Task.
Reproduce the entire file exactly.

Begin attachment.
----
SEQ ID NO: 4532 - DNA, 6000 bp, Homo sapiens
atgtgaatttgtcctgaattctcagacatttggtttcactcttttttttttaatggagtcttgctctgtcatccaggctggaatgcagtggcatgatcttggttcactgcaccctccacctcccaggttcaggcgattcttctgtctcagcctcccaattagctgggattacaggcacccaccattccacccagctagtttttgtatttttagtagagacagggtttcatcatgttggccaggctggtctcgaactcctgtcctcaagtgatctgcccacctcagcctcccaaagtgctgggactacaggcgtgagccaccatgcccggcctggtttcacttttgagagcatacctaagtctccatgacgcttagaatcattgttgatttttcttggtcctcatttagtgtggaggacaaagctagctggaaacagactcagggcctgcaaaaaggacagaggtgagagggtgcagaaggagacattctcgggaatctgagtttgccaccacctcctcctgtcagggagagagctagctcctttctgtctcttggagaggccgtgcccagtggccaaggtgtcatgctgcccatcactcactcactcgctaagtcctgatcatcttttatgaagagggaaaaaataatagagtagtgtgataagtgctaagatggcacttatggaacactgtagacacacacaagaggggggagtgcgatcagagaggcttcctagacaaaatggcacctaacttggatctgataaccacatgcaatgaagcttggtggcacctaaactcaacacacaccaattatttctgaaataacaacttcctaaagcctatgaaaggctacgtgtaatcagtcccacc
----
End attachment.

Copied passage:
SEQ ID NO: 4532 - DNA, 6000 bp, Homo sapiens
atgtgaatttgtcctgaattctcagacatttggtttcactcttttttttttaatggagtcttgctctgtcatccaggctggaatgcagtggcatgatcttggttcactgcaccctccacctcccaggttcaggcgattcttctgtctcagcctcccaattagctgggattacaggcacccaccattccacccagctagtttttgtatttttagtagagacagggtttcatcatgttggccaggctggtctcgaactcctgtcctcaagtgatctgcccacctcagcctcccaaagtgctgggactacaggcgtgagccaccatgcccggcctggtttcacttttgagagcatacctaagtctccatgacgcttagaatcattgttgatttttcttggtcctcatttagtgtggaggacaaagctagctggaaacagactcagggcctgcaaaaaggacagaggtgagagggtgcagaaggagacattctcgggaatctgagtttgccaccacctcctcctgtcagggagagagctagctcctttctgtctcttggagaggccgtgcccagtggccaaggtgtcatgctgcccatcactcactcactcgctaagtcctgatcatcttttatgaagagggaaaaaataatagagtagtgtgataagtgctaagatggcacttatggaacactgtagacacacacaagaggggggagtgcgatcagagaggcttcctagacaaaatggcacctaacttggatctgataaccacatgcaatgaagcttggtggcacctaaactcaacacacaccaattatttctgaaataacaacttcctaaagcctatgaaaggctacgtgtaatcagtcccacc